Netscape, Sun To Merge Application Servers

Sun Microsystems Inc. and Netscape Communications Corp., brought closer together by the pending America Online Inc. (AOL)-Netscape merger, will combine two key product lines once the merger is approved, Sun officials said here yesterday.

Alan Baratz, the president of Sun's Java Software division, said that his company's HotJava browser and Netscape's Navigator will become one product, written in Java so that it can run on multiple systems -- not just PCs but smaller devices such as cable set-top boxes and PDAs. A similar joint effort, dubbed "Javagator," was dropped early this year after Netscape ended its client-side Java development.

Also, a key Sun executive said that Sun and Netscape will combine its application server products. Just over a year ago, two companies ruled the roost in this emerging market, Kiva and NetDynamics. Netscape bought Kiva in November 1997 and Sun bought NetDynamics this summer, effectively putting the companies in head-to-head competition.

"Until the (Netscape-AOL merger) closes, it's 'NetDynamics, NetDynamics. NetDynamics' from us," said Jonathan Schwartz, who oversees NetDynamics and other enterprise software products for Java Software. "After the deal closes, we'll work to combine the products."

It will be a single product owned by both AOL and Sun, Schwartz said. How that ownership is worked out is not clear. Schwartz and Baratz both spoke of integrating cultures and technologies, but both stopped short of saying Sun would hire Netscape personnel.

Netscape representatives said that federal regulations prevent them from commenting on their product roadmap until the merger is approved.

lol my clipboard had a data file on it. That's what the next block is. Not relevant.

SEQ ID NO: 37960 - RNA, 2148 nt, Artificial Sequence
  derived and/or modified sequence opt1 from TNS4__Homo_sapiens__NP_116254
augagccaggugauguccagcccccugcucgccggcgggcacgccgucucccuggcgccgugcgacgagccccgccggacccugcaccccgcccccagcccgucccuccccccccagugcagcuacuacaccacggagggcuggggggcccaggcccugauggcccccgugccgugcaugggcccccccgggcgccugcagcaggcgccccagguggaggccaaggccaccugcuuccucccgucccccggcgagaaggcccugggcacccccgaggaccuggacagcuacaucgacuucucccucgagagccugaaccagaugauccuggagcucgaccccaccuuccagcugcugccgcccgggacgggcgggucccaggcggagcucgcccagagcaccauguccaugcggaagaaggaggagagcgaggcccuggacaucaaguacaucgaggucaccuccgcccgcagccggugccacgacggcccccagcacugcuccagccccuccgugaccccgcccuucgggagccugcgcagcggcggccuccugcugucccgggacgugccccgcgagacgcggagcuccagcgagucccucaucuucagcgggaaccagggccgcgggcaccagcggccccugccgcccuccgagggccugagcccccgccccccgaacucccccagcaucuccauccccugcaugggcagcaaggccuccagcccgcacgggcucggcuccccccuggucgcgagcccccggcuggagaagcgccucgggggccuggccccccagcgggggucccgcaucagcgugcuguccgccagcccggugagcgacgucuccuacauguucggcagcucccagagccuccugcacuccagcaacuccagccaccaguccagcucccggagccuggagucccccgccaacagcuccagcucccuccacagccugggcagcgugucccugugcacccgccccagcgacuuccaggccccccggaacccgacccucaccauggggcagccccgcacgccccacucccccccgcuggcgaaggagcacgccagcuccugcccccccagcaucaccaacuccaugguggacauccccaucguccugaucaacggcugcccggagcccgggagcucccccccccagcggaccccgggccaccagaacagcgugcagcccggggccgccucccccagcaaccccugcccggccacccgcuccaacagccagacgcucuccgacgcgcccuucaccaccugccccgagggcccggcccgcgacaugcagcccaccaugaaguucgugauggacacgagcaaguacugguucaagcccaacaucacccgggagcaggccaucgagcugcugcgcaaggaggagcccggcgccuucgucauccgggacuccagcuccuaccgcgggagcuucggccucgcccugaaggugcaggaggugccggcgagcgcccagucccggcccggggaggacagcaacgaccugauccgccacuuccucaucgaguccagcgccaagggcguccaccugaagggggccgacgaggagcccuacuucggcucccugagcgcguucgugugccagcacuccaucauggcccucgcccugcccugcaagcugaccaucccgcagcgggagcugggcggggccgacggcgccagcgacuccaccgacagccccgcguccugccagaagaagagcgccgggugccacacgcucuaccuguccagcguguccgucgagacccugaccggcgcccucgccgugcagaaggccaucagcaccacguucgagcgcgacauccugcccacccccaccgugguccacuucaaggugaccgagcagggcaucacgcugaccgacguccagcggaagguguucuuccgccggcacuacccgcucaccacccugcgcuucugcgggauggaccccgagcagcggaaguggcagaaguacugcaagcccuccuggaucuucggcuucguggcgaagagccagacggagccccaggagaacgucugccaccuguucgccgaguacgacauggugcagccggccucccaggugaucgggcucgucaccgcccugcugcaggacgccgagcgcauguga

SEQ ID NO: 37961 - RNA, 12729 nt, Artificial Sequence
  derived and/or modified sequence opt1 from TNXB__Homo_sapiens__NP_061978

Sun's Baratz and Schwartz made their comments the day that Sun announced it would give the Java community more say in the Java development process. It also amended its Java licensing structure. In effect, Sun will no longer demand up-front fees from Java licensees. Instead, it will charge licensees a royalty for each product unit they ship, a model the company has been moving toward for at least a year.

The new licensing scheme is also supposed to appease disgruntled Java community members such as Hewlett-Packard Co.. HP has developed its own Java "clone" for consumer devices, nicknamed "Chai." According to Baratz, Chai is not Java-compatible and threatens to fragment Java's "write once, run anywhere" promise. But it could become compatible: Under yesterday's licensing changes, a clone maker can now license Sun's source code free of charge to fix its compatibility errors. It can then use the Java logo and license its own Java-compatible clone to a set-top box manufacturer, for example.

But Sun has made sure it makes money from potential clones. In the above scenario, the set-top box maker must pay Sun a royalty fee for each unit it ships, in addition to any fee it pays to the licensee. In addition, the manufacturer must also be a Java licensee.

In other words, the amendments may give licensees more flexibility, but it's also more complicated. Sun insists that it won't make too much money.

"We don't get rich on royalties from Java," said Sun Vice President Jim Mitchell. "Maybe we'll cover expenses, or at best make a small profit."

Sun's biggest Java ally expressed doubts about the new scheme. IBM Corp., which sees itself as the most business-savvy and perhaps the most powerful of the Java licensees, was pressing for Sun to make the Java source code freely available. Sun didn't oblige, although it has clearly stated that the new licensing scheme is not an open source initiative along the lines of Linux or Apache.

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